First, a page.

Ok so you just saw the word “empathy” and the words “better actor” so you are probably thinking hmmm method acting, hmm empathizing with your given character so you can become the character errr no! that’s not why I am here. This article is not about improving the actor by acting skills, it’s about improving the actor by People skills. About empathizing with the crew!
Ever seen one of them movies where a guy wakes up in the morning to discover he’s now a woman and his girlfriend also wakes up to the reverse- They switch roles and at the end they respect each other more when they realize “it’s not easy walking in your shoes” ? well that’s what happened to me on set of ROOM 315….hey hey calm down I didn’t grow a pair of balls, I was a crew member behind the scenes (Production Coordinator A.K.A housegeh to the PM hehehehe) as opposed to being cast(actor) and it gave me the opportunity to see empathy in a different light in relation to my craft.
As an actor, when you empathize:
With the Set designer/artistic director/Set assistants/Gaffer: You will be more patient. Sometimes when an actor is sitting for long hours waiting for his scenes in the waiting room or in his car (Nigeria style) he may get impatient, angry and begin to grumble bitterly but putting yourself in the shoes of the guys who move lights and such you will calm down. I have never been to a film set in the Americas but on set of ROOM 315 we had to adjust the set a couple of times to achieve greatness-move chair, move table, light etc. one time Niyi even said ”the actual shoot doesn’t take time, this is what takes the time” and in my mind I said awwwwww….So when they ask you to wait for your scene from 8am to 4pm just be singing Solidstar “you say make I wait, I go wait.”
With the Production Manager: You will respect call time. On this set Patience Lawal- I pitied her o. strong woman she had the whole production on her neck, keeping tabs on everyone/department (I was there to assist of course). No PM likes to hear from the director “I’m ready to shoot, where are your artists?” Sometimes, even when you know all your scenes are night scenes and your call time is 8am, still keep to time. Why? Ok lemme gist you. So Niyi had planned that the first scene to be shot would be “Nina’s scene” but when he was ready, Nina was still getting her nails and make up done(no fault of hers or the makeup lady-these things take time) so niyi switched to Dr Stone who was on standby. Generally it’s good to always be on standby, show the PM some love.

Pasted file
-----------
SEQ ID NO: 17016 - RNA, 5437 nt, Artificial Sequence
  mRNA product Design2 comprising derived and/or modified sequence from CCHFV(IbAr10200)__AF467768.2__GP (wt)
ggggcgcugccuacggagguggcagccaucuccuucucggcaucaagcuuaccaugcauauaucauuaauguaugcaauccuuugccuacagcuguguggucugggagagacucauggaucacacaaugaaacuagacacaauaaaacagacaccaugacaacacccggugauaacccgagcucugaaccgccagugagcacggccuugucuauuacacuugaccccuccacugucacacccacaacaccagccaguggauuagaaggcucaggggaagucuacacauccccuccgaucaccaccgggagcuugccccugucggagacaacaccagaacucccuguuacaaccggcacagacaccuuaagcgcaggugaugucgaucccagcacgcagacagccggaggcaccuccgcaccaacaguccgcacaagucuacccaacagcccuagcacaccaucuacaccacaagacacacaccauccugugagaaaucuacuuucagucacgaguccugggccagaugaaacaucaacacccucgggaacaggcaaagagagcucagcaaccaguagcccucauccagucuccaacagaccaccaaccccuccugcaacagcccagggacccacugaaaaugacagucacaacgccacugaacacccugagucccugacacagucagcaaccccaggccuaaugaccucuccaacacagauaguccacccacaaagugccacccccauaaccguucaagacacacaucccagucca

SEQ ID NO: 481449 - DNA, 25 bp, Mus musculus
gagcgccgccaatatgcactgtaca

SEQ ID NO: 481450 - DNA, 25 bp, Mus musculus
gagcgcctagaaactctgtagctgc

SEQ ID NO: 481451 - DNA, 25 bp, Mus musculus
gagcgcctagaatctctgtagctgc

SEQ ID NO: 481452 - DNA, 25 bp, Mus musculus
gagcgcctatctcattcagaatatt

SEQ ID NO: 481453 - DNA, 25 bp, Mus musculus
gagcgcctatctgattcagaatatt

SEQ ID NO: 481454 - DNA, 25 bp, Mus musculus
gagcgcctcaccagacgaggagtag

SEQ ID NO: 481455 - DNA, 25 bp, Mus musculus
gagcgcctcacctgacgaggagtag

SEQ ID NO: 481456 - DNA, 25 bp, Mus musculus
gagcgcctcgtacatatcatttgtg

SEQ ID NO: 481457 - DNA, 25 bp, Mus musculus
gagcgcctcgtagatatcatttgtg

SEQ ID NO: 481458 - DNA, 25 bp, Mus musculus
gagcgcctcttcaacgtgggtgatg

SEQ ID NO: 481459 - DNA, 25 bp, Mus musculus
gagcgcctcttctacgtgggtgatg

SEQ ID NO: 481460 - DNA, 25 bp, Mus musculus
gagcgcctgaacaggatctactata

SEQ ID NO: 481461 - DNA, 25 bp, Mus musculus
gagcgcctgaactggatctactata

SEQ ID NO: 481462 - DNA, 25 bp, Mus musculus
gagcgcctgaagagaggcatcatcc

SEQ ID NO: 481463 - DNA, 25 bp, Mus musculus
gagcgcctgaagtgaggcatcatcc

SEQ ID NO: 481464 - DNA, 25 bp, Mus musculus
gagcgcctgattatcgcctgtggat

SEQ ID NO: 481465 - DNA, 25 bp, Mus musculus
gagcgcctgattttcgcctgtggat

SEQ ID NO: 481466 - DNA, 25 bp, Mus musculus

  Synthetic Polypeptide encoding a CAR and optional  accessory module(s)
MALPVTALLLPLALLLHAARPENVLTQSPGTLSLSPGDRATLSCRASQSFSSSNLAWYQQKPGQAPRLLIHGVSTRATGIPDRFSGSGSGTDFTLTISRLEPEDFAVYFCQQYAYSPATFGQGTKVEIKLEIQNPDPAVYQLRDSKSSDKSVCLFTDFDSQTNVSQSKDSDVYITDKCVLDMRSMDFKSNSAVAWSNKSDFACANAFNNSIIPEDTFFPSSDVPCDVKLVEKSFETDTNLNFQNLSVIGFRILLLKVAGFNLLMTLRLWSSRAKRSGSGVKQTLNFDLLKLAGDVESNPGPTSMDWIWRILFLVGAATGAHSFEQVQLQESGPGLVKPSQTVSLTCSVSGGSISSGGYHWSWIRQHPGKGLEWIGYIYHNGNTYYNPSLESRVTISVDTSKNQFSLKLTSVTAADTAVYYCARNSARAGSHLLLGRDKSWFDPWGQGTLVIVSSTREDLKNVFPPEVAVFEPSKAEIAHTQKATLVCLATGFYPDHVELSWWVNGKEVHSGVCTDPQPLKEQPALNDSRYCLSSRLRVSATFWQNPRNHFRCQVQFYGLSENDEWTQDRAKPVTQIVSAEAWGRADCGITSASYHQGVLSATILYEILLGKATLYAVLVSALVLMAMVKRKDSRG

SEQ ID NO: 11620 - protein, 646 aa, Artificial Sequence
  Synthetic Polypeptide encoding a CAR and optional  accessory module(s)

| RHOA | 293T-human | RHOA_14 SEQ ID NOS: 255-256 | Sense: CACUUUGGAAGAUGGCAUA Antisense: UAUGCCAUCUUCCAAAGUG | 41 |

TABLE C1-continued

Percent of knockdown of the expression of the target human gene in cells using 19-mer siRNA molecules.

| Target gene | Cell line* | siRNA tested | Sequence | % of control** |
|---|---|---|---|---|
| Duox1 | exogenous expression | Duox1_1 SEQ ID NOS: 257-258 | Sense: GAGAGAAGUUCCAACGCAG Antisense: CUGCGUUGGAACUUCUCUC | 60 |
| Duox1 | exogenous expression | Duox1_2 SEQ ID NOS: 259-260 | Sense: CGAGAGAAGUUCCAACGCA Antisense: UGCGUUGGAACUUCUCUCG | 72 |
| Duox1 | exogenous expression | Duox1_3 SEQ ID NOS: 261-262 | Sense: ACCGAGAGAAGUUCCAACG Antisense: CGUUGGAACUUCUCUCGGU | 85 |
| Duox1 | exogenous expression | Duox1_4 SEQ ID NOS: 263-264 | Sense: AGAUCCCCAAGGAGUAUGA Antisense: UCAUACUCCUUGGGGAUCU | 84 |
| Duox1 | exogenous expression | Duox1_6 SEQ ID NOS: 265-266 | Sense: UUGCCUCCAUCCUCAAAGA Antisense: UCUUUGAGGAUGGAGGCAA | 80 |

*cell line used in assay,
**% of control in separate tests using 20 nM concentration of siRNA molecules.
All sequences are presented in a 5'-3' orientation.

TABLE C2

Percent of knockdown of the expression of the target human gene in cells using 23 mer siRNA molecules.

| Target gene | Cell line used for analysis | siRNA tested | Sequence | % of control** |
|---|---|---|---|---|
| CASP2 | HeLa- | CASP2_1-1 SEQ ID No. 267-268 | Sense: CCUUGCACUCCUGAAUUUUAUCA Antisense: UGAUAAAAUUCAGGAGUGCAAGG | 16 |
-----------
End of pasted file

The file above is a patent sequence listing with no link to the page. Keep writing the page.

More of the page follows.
With the director: You will work at being a one take actor. Of course no one is above mistakes but I cannot over emphasize how much love Directors have for one take actors and how much joy they bring. Mehn you should have seen Niyi’s teeth that day. You will also take instructions once-nobody likes to say the same thing twice.
With the D.O.P: AHHH NEVER EVER CROSS HIS CAMERA when the camera is on and he’s trying to frame! LOL Joseph Oladunjoye hmmm remain small he would have looked for rope to tie me up so I don’t cross his camera. According to him “its disrespectful to the camera and the person wielding it” so guys take note. Stay in one place when you are being framed. Another thing, always favour the camera. Play your nice side to the camera (I don’t know how to explain what I mean sha….but you get abi)
With the Producer: You would assist with publicity. I said assist because I am not sure it’s part of your contract but it’s a great way to show love. One of the greatest challenges of film makers in Nigeria is distribution-how do I get my content out there for people to see (as a content provider I know this for a fact). He has worked so hard and would love the world to experience the product. While on set we were constantly admonished to keep driving publicity for our project. Many projects failed because of that one repost or retweet or radio interview that was never granted. Trust me; it’s not good to be known as “that unsupportive actor”.
I must add that you don’t necessarily have to be a technical person or crew before you get to know these things, they are general code of conduct stuff you pick up as you grow in film. I thank Niyi Akinmolayan for the great opportunity to serve, learn and pass on knowledge.